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Old 06-02-2011, 08:06 PM   #11
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Thanks Bikendan - I have already started to research the maps I need to have. Trust me I will not be without a map anymore and my GPS will not be my sole directions for getting me to my next destination. Do you have any recommendations on paper maps that I should add?

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Old 06-02-2011, 08:13 PM   #12
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i always have a pile of AAA maps, tour books and campgrounds books for the states i'm going to.
i also have a national map and a western states map.
it also doesn't hurt to have some kind of orientation to where you're going. like which way is north, south, east and west. and knowing what borders the sides of the states.

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Old 06-02-2011, 08:43 PM   #13
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Got me a truckers road atlas. Highlights the roads that are safe for semi-trailers. I try to stay on those roads when I map out my route. My set up is 56 ft long and I don't want any surprises like tight switchbacks.

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Old 06-02-2011, 09:11 PM   #14
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Ibrjet - I will definately look into a truckers map for sure.
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Old 06-02-2011, 09:54 PM   #15
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Good advice. Gps's are great but are a tool and you should never head out on a trip without maps, afterall, what would happen if the gps crapped need maps.
Traveling mountain rule of thumb...if you climbed up in 2nd or 3rd or 1st you sure as heck will need to decend in the same gear you went up on. Use tow haul mode, take your time and never ride the breaks. I have climbed passes with 7 percent grades for over 15 miles...these units will handle that. Keep the rpm's up and that will help to keep the old tranny cool. I never met a pass I couldn't conquer. It just takes a little patience and practise.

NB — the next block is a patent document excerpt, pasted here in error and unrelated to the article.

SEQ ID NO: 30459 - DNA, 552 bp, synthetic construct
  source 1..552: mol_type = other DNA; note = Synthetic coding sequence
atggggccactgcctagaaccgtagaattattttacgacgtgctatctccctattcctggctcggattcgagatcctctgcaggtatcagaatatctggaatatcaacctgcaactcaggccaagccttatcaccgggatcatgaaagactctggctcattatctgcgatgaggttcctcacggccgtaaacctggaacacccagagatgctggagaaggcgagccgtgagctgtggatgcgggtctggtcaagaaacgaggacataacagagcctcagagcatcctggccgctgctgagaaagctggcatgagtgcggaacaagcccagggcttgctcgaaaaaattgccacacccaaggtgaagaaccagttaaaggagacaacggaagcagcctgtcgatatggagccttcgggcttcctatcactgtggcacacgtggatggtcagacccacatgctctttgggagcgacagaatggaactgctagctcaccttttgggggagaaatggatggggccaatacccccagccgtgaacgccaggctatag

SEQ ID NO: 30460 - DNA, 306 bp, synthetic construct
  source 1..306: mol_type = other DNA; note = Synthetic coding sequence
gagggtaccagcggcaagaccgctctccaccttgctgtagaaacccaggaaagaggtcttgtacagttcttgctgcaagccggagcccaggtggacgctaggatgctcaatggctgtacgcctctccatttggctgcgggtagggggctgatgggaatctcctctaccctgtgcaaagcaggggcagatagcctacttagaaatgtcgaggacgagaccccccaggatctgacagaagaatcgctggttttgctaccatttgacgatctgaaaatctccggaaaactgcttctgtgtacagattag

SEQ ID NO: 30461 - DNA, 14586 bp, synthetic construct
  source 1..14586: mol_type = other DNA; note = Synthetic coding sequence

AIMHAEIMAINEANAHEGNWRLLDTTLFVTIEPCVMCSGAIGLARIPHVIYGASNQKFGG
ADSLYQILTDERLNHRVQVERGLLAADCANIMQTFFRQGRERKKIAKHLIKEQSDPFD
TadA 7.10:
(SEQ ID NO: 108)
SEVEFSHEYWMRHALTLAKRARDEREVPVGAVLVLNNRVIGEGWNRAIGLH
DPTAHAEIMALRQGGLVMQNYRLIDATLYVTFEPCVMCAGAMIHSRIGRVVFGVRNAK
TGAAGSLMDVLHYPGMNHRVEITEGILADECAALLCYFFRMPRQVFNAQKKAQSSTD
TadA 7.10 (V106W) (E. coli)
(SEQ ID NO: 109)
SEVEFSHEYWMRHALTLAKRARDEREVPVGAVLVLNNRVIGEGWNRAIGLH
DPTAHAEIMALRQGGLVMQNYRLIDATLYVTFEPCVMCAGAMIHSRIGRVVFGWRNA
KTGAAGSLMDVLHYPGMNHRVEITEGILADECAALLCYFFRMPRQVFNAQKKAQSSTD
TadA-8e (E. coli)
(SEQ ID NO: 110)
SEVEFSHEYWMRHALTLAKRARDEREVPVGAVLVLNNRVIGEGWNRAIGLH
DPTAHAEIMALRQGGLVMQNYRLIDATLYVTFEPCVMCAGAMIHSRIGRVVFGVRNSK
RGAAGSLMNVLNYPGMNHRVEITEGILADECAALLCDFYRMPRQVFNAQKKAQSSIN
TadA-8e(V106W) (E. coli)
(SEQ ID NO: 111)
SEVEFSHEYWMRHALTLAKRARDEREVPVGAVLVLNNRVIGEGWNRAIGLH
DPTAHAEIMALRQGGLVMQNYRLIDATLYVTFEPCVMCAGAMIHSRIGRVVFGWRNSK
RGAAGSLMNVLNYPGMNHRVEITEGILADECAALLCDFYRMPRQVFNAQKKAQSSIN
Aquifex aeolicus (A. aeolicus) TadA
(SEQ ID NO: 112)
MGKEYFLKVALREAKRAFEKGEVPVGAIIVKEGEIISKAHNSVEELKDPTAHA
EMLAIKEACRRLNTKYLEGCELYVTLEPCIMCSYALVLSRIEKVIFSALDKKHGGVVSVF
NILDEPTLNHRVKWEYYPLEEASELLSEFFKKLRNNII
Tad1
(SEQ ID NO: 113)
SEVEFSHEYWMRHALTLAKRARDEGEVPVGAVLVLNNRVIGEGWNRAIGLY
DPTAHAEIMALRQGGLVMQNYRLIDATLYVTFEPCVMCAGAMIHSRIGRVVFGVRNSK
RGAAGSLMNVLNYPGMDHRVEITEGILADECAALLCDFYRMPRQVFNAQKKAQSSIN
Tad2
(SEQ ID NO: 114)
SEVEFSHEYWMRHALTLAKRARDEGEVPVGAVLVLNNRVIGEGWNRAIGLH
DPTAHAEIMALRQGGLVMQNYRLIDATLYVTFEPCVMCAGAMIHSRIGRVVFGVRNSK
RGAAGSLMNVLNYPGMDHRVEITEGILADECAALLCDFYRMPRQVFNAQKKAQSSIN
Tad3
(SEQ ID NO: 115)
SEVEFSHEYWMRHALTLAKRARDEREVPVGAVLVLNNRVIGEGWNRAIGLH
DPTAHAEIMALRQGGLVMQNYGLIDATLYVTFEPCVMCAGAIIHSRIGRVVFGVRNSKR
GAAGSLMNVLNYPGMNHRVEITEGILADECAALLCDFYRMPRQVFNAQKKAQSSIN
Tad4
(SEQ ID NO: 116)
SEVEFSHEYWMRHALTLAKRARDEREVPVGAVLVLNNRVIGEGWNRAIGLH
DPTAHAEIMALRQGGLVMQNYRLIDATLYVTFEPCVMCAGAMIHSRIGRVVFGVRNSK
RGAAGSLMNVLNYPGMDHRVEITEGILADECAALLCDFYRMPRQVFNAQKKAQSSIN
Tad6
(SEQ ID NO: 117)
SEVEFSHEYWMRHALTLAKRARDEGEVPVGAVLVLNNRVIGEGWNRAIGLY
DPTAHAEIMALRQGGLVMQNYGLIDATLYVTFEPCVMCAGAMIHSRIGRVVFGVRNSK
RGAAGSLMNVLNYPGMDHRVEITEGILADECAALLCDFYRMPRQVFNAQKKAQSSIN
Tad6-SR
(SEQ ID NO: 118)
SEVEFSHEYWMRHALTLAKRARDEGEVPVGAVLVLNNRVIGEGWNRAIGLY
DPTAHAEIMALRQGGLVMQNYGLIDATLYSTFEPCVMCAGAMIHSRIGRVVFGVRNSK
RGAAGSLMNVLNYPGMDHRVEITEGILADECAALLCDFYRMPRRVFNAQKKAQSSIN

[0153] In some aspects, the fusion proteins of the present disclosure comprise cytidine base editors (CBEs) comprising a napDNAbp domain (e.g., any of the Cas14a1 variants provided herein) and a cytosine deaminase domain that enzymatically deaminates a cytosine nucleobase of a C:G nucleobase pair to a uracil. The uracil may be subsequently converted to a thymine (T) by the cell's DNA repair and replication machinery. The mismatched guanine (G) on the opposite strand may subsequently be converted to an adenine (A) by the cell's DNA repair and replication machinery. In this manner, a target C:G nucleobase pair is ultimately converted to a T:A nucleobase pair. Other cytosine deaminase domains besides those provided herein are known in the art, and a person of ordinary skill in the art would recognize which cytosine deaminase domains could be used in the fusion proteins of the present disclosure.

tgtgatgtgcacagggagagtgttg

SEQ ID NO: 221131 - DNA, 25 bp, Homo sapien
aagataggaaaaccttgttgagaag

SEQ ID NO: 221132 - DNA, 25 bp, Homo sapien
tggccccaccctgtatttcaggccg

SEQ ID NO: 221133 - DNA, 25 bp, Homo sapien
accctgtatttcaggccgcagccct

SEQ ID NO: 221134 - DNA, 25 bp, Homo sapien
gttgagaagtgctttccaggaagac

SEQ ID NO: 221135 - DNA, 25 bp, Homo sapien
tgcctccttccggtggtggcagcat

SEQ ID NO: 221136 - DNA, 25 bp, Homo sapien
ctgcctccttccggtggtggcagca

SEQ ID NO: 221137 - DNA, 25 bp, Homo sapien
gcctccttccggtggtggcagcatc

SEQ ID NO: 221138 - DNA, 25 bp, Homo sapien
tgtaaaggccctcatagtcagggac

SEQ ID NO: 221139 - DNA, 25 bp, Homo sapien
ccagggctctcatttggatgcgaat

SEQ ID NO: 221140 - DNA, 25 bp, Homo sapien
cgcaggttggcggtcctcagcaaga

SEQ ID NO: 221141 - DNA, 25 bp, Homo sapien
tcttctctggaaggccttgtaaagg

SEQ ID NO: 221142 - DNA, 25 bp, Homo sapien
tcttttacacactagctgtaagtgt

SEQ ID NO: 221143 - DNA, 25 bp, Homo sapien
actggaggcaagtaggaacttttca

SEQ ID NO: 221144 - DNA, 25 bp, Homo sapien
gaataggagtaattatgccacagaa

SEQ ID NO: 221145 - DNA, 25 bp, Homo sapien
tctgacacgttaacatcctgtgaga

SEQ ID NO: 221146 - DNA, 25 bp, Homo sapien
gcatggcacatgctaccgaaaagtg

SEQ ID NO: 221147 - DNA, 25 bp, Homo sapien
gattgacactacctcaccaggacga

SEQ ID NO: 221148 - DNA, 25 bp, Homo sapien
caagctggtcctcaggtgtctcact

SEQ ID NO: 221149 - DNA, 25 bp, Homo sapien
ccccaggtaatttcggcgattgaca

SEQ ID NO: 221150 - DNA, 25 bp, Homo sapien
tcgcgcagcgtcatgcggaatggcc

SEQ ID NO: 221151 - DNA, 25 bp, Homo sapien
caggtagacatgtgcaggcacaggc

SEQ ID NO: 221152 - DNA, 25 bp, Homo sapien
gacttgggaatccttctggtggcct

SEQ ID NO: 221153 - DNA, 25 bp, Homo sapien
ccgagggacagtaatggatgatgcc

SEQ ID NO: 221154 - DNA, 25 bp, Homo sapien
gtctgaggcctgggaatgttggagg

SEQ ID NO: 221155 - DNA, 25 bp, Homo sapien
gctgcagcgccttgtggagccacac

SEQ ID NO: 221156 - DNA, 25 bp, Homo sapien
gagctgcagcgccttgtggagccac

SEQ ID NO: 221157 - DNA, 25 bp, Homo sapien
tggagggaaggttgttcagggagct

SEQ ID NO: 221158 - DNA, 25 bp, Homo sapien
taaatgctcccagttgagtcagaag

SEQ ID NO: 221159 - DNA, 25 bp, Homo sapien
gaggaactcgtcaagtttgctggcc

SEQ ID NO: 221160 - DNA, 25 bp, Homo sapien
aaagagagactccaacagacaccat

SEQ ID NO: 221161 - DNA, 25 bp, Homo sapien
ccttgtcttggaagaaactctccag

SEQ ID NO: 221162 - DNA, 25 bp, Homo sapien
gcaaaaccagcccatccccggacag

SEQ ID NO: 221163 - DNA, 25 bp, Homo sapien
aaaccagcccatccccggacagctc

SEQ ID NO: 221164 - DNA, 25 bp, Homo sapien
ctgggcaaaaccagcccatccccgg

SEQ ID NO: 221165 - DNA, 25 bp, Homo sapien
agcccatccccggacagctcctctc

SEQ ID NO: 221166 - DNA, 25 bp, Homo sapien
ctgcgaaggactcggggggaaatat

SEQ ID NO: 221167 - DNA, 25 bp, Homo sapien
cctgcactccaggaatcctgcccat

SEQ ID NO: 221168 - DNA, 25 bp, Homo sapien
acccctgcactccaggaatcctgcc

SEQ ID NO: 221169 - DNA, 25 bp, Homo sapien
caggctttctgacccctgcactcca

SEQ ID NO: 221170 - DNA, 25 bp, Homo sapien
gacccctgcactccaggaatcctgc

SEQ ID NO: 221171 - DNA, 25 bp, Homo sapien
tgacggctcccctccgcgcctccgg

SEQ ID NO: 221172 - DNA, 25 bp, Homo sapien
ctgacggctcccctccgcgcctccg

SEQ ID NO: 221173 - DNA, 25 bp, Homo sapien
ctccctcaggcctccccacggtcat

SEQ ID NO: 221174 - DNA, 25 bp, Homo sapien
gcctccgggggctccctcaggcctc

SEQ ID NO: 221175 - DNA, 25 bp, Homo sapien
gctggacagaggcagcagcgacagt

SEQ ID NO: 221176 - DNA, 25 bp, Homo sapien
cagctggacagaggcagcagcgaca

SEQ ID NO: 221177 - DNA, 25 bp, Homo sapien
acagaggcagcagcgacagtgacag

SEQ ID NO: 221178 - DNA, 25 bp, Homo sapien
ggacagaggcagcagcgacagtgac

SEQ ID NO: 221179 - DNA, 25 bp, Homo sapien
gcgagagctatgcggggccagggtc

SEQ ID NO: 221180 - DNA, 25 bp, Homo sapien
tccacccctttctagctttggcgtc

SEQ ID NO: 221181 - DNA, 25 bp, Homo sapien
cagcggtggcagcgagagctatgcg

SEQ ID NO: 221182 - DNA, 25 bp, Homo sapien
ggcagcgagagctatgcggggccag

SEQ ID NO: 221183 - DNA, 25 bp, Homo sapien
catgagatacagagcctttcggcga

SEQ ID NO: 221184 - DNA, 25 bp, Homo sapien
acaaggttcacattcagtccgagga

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Old 06-06-2011, 08:36 PM   #16
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Good advice from TOMJSAS. Tow/haul mode, tap brakes, downshift to lower gears on steep decents. Don't get in a hurry. We hit two passes whenever we go from Montrose to Gunnison and usually only make about 35. I've also driven over Mighty Monarch, Eisenhower Tunnel and Vale Passes. My main advice is try to relax and enjoy the scenery out that big front window. Oh, and pull over once in a while to let the parade behind you to pass.
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Old 06-12-2011, 03:49 AM   #17
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Problem with many GPS units are that they are set for the shortest routes or fastest time. Both can get you in trouble. Some even have a setting for major highways only. To be safe, though it may take more miles (but usaully faster and safer set it to major highways only.
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Old 06-12-2011, 11:33 AM   #18
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I had a workhorse powered Bounder before I bought this 378. The workhorse with the 8.1 and allison 6 speed with tranny brake was far better in the rockies going up or down than this coach.
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Old 06-12-2011, 03:08 PM   #19
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We've not ventured up or down any sort of real mountain yet but hope to do a southern Utah trip this fall. I just ordered "Mountain Directory West for Truckers, RV and Motorhome Drivers" but haven't received it yet.

We'll be towing a '99 Jeep Wrangler and I wonder if unhitching & driving separately is advisable on days when traveling over the steeper inclines/declines.

Enjoying the great outdoors with one hubby and 2 boxers!
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Old 06-13-2011, 12:18 PM   #20
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We just moved out to Colorado and had our first chance to take the motorhome through the Eisenhower tunnel. At 11,000ft the v10 really runs out of air and it could only maintain around 35mph on the long 6% grades. Tranny and water temps never budged from normal. Staying in the right lane you will often find yourself behind a slower moving semi-truck with not enough power to pass. Downhill in 3rd or 2nd gear made it easy to stay off the brakes. Adhere to the speed warnings posted for big trucks and you'll have no problems.

Taking your time and enjoying the scenery is great advice.

My neighbor at the Tiger Run RV resort in Breckenridge had a 625hp Newell. He said he could hold 52mph on the same section but his 400hp Country Coach only did 35mph.

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